When all is said and done, the simple truth is that Australians no longer feel in control, and with government, media, business, and NGOs all having been deemed undeserving of trust, it’s easy to see why Aussies view their future rather bleakly. In fact, according to the Trust Barometer, 68 per cent of Australians believe they and their families will not be better off in five years’ time.

What this makes clear is that many Australians do not believe the system is working for them, which leaves us in a rather tough spot. So, what can brands do through their handling of data and technology to rebuild trust with a public that feels it has been consistently let down for so many years?

To answer this, we must look at what trust means. At its core, trust is granted by people based on two things: competence and ethics. And for brands to thrive, they must offer both. Fortunately, things are not as dire for business as other institutions. Respondents to this year’s Trust Barometer were quite damning in their assessment of government and media, deeming them both incompetent and unethical. However, their view of NGOs and business was less harsh. NGOs, while seen to be lacking in competence, were considered ethical organisations. For business, the reverse was true, with competence seen as a strength, but ethics left wanting.

While being viewed as competent is certainly a start, our Edelman Trust Management study, which tracks 40 major companies in three markets, has shown that ethical drivers like integrity, dependability, and purpose are three times more important than competence when it comes to building trust. It’s ultimately a brand’s ethics that do the heavy lifting. This means that by demonstrating a genuine change towards ethical behaviour, brands can help to build trust with the public. And as we enter the Fourth Industrial Revolution, driven by technology and marked by the blending of the digital and physical worlds, there is an opportunity to do just that.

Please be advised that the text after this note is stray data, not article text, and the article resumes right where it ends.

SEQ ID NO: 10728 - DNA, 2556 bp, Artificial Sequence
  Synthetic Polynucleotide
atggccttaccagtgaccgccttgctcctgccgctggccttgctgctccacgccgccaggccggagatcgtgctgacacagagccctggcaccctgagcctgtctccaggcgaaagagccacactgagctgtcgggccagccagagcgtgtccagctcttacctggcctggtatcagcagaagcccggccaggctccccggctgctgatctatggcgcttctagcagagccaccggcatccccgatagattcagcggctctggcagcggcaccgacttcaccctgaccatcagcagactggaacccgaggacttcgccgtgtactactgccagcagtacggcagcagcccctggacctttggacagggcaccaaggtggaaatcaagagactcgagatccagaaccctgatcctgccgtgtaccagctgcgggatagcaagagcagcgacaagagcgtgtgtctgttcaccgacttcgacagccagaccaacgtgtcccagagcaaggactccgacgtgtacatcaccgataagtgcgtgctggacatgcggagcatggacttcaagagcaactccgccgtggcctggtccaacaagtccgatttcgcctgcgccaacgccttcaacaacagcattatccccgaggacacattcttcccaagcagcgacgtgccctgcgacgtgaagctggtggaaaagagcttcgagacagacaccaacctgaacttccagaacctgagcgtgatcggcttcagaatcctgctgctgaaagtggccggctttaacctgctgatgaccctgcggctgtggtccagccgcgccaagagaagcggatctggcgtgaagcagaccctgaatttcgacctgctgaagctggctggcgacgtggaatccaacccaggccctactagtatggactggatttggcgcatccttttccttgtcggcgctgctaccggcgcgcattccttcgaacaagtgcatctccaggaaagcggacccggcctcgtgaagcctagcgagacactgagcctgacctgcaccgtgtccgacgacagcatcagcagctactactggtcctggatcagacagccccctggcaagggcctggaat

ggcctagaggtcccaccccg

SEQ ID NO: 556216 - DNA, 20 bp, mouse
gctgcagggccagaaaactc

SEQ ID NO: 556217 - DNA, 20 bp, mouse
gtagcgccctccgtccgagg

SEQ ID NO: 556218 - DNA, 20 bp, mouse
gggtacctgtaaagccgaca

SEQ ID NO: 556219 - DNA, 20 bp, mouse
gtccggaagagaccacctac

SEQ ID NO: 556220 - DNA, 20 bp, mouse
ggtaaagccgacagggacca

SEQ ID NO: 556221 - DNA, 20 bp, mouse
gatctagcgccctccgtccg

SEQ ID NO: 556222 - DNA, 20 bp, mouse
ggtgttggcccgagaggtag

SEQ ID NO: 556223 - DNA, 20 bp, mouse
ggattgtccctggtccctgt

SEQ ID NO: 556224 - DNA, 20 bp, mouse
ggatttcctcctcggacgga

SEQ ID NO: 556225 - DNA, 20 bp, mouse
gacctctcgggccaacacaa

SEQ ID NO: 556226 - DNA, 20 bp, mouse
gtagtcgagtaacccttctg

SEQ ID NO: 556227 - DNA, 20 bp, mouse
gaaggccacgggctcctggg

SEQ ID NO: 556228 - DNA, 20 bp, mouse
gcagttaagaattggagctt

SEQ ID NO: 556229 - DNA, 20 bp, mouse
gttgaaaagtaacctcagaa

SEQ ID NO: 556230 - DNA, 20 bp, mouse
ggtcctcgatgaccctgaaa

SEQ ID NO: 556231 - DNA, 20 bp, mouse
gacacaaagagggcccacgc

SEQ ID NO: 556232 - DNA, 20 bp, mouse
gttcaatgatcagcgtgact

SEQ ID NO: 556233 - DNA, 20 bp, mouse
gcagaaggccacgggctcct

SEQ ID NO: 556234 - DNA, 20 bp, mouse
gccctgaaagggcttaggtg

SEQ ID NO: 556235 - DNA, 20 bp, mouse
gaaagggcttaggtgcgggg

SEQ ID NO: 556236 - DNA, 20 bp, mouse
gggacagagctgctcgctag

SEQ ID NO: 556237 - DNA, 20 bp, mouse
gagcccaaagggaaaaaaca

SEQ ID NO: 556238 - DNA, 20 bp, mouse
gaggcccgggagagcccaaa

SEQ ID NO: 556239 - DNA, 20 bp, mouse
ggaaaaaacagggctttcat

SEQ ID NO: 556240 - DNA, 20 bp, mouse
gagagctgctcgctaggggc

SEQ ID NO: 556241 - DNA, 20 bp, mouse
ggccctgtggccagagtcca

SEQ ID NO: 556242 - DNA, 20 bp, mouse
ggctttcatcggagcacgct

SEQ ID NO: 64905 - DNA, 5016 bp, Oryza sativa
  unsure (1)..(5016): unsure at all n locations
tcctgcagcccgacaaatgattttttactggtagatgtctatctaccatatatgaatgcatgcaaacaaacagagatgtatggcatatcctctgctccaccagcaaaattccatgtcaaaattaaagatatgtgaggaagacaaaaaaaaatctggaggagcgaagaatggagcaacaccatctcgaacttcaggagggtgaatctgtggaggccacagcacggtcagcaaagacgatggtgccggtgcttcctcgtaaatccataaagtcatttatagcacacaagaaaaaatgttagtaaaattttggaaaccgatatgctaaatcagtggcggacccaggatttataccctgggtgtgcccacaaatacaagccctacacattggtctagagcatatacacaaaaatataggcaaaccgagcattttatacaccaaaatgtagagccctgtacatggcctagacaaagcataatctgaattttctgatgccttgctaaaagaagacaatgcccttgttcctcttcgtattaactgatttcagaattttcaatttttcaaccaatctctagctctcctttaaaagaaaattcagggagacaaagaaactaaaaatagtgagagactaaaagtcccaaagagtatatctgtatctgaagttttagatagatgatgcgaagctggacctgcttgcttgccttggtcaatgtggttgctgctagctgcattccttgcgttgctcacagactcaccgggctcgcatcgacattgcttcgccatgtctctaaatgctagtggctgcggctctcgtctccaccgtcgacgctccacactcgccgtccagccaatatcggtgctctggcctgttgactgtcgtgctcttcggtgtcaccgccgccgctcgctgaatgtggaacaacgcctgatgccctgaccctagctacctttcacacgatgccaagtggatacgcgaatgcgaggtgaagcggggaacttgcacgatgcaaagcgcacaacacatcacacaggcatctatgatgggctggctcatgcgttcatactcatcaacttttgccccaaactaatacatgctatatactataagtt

Because the simple fact is that Australians are suspicious of the direction technology is heading and how it will change the world. In the last twelve months, Australians’ trust in technology has dropped six points, driven down by concerns like the high speed at which technology moves and its ability to affect whether we can trust what we see and hear. There is also a concern held by more than two in three Aussies that government does not understand emerging technologies enough to regulate them effectively.